Cilibe, Chrysomelids, Longicorns, especially the Lamiid genus Somatidia, Anthribids, Cossonids, Leucanids and Scarabaeids.
The history of collecting and recording Coleoptera from the Auckland Islands commences with the visit of the French Expedition in 1839 under Admiral D'Urville, in the corvettes Astrolabe and Zelee. Messrs Hombron and Jacquinot were the illustrators for the Coleopterous material described in 1841 by Guerin Meneville and in 1835 by Blanchard.* Guerin is responsible for three species and Blanchard described seven; these ten species comprise the total contribution by this expedition to the knowledge of the Coleopterous fauna of the islands.
The British Admiralty commissioned Sir James Ross to visit the southern and Antarctic regions in H.M.S. Erebus and Terror in the years 1839–43 and it was during this survey that the Auckland Islands were visited, when the period 20th November to 12th December, 1840, was spent at Port Ross. At this time a few beetles were obtained by members of the expedition, and these were presented ultimately to the British Museum and are referred to by A. White in his narrative and descriptions of insects obtained by the expedition. Of the ten species of Guerin and Blanchard, only seven were collected and nothing new was added.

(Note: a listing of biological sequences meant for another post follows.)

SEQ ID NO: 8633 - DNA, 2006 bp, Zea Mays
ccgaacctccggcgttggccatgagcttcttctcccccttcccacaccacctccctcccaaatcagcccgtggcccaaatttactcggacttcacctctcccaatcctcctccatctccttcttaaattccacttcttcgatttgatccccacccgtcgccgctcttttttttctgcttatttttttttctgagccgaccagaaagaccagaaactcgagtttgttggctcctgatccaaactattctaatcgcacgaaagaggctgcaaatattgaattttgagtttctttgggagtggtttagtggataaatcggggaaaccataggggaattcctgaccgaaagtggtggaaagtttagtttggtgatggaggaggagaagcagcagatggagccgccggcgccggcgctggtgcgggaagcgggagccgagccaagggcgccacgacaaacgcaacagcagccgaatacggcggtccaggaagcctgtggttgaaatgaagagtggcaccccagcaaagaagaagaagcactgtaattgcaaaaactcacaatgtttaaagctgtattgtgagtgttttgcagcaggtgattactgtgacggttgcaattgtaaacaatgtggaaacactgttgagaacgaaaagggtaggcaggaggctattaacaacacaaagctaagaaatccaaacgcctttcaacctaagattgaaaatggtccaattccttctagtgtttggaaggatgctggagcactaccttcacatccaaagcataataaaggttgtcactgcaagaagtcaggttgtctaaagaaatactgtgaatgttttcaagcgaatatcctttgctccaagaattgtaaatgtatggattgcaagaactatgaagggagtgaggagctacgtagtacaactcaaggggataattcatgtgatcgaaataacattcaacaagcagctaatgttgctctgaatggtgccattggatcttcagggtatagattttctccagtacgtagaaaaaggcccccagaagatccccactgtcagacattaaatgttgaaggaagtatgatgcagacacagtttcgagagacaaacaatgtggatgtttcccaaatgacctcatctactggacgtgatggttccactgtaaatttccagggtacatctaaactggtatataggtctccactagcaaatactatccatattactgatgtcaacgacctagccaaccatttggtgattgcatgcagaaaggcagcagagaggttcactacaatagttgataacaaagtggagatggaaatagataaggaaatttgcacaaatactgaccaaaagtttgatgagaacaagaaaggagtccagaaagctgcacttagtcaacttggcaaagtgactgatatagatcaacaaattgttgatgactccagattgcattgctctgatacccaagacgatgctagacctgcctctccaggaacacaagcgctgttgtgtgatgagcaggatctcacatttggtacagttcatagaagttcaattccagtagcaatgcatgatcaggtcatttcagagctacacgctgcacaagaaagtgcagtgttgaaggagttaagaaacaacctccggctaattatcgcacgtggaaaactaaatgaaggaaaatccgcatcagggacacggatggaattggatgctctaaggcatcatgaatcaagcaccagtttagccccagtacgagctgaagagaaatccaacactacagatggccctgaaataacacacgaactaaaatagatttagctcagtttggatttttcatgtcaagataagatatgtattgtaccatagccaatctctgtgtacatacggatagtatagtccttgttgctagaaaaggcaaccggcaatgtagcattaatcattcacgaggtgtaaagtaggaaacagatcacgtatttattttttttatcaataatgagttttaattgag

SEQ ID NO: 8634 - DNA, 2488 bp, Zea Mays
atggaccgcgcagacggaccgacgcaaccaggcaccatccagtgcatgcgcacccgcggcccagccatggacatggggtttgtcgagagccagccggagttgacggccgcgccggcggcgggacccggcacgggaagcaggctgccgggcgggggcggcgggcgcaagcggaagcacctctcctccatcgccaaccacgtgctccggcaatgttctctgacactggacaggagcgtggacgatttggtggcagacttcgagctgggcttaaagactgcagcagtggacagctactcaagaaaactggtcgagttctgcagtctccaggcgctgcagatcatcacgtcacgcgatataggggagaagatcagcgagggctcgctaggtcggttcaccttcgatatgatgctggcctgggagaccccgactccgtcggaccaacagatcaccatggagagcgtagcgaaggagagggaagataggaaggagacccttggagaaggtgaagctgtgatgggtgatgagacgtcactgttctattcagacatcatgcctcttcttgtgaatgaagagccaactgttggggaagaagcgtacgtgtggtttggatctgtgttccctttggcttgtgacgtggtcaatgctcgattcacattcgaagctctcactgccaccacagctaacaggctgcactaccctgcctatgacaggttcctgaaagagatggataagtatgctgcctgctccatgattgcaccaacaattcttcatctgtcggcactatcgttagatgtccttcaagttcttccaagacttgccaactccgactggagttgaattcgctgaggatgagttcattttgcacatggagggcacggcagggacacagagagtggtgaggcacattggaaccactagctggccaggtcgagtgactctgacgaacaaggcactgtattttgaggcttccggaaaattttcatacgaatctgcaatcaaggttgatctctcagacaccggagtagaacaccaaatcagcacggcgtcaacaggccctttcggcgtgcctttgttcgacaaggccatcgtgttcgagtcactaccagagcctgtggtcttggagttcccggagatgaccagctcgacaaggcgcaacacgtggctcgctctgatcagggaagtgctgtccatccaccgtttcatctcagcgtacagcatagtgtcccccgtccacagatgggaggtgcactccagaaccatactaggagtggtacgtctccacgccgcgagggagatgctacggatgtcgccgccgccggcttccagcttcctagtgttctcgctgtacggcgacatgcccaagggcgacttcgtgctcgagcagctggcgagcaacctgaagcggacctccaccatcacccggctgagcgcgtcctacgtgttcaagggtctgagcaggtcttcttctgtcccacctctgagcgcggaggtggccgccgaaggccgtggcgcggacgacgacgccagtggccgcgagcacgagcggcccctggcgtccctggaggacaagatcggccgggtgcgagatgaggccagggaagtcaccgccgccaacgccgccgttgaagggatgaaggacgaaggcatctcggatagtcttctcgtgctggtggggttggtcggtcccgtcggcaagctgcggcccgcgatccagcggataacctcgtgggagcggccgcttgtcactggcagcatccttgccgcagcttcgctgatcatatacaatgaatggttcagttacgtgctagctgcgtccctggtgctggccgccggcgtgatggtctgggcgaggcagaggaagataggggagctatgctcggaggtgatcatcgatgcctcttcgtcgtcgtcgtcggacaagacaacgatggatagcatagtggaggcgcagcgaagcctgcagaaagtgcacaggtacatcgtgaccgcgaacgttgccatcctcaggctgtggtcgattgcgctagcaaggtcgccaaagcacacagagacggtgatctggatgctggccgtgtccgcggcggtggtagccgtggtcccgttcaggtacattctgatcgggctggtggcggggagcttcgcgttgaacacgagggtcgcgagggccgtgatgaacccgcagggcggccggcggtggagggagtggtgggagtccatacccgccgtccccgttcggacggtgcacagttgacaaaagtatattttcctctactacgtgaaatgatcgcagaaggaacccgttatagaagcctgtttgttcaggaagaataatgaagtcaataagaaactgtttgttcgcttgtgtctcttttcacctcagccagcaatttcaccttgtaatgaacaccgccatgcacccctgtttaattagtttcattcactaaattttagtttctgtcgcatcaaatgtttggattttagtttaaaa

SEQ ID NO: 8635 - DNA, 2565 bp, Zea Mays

A considerable advance in representation of species was made by H. Krone who, as photographer, accompanied the German scientifie expedition to Auckland Island for observation of the transit of Venus. Approximately five months were spent on the island, towards the end of 1875 and into 1876, and amongst Krone's remarks on the Auckland Islands his statements relating to the insect fauna are worth repeating, “…but the world of insects seems like dead except for the extremely unpleasant sandflies and a big blue blowfly which occur near the coast in millions. Only after elaborate and expert searching is it possible now and then to find a beetle between October and February. Of the Lepidoptera only a few very inconspicuous species of Micro-Lepidoptera and one or two Noetuid moths occur. Of the Coleoptera collected during my whole, almost five months residence in the Auckland Islands, 28 species and 1 variety, amongst which are at least 18 new species and three new genera, 9 are represented as only single specimens, the others more or less in only very small numbers. I must not omit to mention that I could only collect in the northern parts of the Auckland Islands, since my duties as a member of the expedition of the German Reich for the observation of the transit of Venus did not permit collecting expeditions through the whole group of islands. Therefore an addition to the species described here should be expected by collections from the southern parts of the island group. Representatives of all species collected by me, also all the single specimens, have passed into the possession of the entomological collection of the Royal Zoological Museum at Dresden.”